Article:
2022-23 CoLABoratory Fellow
inti figgis-vizueta writes magically real musics through the lens of personal identities, braiding a childhood of overlapping immigrant communities and Black-founded Freedom schools—in Chocolate City (DC)—with direct Andean & Irish heritage and a deep connection to the land. Inti was a featured composer in ACO’s 2019 Underwood New Music Readings in 2019 (now known as Earshot in NYC)
Seven Sides of Fire is a new work for chamber orchestra (35 players) and the Attacca Quartet to be premiered by ACO on October 20, 2022 at Zankel Hall at Carnegie Hall.
The increasing intensity of wildfires in the United States, alongside shifts in mainstream conversations regarding decoloniality, has made clear the need for the traditional Indigenous knowledge of fire ecology. Controlled burns were integral to Indigenous peoples as part of land stewardship and modification; fire was a source of regeneration and cultivation that cleared open areas for grazing/hunting, increased regrowth of foods and medicinals, and decreased the risk of large, uncontrolled fires drawing on built-up fuel. The genocide and displacement of American Indigenous peoples in the past 400 years disrupted the caretaking of the land and introduced the colonial practice of total fire suppression. There have been recent collaborations between government environmental agencies and tribes regarding new fire regimes, but there has yet to be any significant systemic change that would ensure continued access and stewardship by American Indigenous peoples.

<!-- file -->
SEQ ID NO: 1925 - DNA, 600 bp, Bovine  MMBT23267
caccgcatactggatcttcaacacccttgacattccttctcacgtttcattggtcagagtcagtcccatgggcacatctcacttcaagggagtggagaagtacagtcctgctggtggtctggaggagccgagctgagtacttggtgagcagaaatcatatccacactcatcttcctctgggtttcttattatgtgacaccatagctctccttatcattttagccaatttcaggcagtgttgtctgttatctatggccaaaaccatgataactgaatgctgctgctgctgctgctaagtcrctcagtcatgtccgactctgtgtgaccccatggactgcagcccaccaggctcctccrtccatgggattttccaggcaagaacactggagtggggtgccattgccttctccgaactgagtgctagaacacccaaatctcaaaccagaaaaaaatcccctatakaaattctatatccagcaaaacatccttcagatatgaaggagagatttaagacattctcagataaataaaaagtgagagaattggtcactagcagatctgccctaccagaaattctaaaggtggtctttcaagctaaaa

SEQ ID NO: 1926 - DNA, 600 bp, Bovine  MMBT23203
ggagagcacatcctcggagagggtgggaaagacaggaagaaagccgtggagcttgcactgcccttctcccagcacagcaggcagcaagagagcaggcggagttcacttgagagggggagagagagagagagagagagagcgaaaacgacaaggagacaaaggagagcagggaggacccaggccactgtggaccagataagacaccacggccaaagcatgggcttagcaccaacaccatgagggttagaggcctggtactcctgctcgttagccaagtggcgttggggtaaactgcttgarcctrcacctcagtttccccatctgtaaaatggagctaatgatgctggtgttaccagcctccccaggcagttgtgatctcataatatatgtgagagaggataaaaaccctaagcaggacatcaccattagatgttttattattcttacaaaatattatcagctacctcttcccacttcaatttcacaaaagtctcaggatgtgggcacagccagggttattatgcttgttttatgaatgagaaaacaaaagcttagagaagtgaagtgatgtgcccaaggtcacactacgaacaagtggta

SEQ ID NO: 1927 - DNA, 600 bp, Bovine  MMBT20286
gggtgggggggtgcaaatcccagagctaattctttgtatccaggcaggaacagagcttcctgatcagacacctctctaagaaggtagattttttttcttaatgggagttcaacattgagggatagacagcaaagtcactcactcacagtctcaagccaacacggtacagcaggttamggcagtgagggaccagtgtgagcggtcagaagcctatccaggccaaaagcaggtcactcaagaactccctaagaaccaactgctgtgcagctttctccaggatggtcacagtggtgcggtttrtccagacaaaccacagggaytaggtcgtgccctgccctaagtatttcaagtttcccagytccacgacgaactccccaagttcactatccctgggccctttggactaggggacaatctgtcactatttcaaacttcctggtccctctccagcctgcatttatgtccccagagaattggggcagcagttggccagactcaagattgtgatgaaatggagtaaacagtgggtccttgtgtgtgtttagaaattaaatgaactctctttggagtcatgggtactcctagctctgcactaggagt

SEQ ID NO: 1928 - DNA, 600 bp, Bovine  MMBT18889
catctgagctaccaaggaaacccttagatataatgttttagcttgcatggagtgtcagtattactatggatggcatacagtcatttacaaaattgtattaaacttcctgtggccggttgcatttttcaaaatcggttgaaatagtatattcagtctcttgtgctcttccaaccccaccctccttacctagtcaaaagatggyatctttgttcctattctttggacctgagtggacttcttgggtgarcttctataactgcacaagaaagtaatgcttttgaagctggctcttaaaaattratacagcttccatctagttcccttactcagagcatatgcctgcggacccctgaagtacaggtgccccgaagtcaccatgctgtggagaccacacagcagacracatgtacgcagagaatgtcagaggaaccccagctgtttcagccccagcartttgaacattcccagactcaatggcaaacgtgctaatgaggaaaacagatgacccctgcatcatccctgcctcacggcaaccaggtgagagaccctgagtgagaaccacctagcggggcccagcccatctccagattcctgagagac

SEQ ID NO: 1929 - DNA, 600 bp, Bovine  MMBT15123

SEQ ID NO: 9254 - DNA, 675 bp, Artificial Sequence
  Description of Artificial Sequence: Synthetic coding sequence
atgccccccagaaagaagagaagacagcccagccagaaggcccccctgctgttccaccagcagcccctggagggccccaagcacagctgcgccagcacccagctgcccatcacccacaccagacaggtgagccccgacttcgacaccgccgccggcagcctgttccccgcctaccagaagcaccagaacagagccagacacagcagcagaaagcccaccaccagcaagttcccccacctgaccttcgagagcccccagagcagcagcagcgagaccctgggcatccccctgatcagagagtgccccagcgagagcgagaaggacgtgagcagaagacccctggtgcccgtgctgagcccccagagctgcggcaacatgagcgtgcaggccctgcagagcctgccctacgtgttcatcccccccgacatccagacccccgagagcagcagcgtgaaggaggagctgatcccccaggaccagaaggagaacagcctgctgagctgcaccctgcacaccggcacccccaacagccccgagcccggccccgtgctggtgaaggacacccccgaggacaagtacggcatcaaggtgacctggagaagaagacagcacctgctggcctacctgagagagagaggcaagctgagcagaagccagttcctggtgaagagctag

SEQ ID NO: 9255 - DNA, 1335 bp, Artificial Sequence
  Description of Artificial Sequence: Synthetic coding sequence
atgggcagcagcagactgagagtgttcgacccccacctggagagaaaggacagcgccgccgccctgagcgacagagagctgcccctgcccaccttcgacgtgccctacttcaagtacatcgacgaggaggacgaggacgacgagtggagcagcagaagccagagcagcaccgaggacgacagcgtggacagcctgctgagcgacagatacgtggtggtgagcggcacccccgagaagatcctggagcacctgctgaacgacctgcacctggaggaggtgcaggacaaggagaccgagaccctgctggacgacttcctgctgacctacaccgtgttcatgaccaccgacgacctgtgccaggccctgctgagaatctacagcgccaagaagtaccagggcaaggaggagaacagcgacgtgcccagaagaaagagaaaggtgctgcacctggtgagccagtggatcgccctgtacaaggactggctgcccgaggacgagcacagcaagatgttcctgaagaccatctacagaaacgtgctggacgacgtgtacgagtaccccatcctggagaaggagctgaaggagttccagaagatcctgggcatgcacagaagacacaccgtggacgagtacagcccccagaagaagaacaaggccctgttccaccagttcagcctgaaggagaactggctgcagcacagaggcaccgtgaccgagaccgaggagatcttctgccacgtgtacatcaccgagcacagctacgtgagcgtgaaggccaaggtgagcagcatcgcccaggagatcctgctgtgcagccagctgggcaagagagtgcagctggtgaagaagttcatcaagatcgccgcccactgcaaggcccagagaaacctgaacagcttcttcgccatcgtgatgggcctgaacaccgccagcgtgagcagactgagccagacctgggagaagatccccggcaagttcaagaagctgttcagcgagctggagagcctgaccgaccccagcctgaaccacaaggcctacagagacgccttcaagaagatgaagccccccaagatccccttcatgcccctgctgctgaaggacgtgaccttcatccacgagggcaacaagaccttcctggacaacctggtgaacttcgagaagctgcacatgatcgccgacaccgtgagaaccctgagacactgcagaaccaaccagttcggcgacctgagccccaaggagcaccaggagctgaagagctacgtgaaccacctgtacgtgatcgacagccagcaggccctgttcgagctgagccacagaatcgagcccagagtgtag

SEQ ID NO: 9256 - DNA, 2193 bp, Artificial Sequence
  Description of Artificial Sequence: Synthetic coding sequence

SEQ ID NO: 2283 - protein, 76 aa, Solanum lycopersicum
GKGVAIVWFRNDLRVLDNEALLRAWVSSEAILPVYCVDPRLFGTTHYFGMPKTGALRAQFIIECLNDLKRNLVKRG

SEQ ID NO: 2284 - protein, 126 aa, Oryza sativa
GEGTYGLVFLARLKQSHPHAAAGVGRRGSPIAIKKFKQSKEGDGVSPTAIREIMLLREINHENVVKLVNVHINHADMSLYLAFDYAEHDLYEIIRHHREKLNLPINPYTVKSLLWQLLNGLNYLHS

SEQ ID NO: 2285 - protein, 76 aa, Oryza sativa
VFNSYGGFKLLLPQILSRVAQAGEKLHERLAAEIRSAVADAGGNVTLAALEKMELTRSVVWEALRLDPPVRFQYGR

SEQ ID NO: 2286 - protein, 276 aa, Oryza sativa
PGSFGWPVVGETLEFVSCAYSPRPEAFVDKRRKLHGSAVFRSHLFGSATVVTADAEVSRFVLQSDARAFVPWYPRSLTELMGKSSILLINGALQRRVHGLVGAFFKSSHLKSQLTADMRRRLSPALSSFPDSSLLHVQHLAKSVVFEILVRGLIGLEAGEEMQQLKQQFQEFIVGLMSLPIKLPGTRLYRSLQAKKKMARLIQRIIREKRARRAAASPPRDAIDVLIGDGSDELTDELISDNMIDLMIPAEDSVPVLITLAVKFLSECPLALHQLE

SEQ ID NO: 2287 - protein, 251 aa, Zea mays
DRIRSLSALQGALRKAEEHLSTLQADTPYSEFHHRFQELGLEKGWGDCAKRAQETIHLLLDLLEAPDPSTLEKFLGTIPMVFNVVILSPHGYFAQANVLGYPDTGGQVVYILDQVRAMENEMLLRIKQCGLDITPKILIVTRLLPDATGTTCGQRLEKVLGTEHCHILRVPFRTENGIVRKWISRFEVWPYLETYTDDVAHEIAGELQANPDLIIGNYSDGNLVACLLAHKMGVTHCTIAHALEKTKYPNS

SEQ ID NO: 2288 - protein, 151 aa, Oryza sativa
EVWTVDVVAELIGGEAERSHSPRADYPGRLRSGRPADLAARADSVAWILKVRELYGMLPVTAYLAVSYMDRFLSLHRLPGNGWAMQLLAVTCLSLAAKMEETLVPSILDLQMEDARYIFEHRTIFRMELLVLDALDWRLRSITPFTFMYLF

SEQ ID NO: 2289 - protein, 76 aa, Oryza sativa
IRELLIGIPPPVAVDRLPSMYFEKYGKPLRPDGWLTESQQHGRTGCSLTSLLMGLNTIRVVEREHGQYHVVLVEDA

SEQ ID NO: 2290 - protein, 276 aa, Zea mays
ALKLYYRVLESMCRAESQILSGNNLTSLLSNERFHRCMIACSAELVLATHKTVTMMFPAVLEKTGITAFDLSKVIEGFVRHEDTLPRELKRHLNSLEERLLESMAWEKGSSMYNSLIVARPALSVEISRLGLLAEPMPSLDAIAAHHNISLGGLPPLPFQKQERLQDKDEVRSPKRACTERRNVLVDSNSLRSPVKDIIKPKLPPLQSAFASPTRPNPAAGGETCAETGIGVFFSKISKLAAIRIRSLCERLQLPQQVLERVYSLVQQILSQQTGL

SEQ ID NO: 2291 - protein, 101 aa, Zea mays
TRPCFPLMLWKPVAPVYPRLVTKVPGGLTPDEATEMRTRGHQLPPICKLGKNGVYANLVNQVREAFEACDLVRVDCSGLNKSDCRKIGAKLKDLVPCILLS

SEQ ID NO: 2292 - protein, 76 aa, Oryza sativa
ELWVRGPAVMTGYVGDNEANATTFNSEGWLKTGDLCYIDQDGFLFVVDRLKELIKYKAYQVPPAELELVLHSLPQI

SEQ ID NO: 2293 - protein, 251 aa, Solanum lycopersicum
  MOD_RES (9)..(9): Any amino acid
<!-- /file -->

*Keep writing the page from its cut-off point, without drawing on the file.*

Seven Sides of Fire will focus on fire ecology and Indigenous forms of transmission as sources towards new forms of perception-based musicmaking, non-traditional notations, and the building of shared sonic imaginaries. This new work will reflect on the role of fire in natural & cosmological regeneration, while disrupting the dominant Western imaginary of fire as evil, as punishment, and as unnatural. The title refers to a phrase I heard describing the sides of a controlled fire: front, rear, both sides, top, bottom, and interior. This focus on spatiality sparked ideas around organizing and bringing into relationship independent trajectories and processes among various players, organized groups, and whole instrumental families.
Oral transmission and storytelling are core to my practice, building shared imaginaries through inquiry, experimentation, and making through doing. For this work, initial questions might be: how can fire be passed around or transmitted? How does time relate to fire (cycles of burns, stages of breakdown, plant growth after)? What does control mean in a burn? These ongoing guided dialogues will form the basis for the collective interpretation of given materials and gestures within player-driven structures and emergent forms.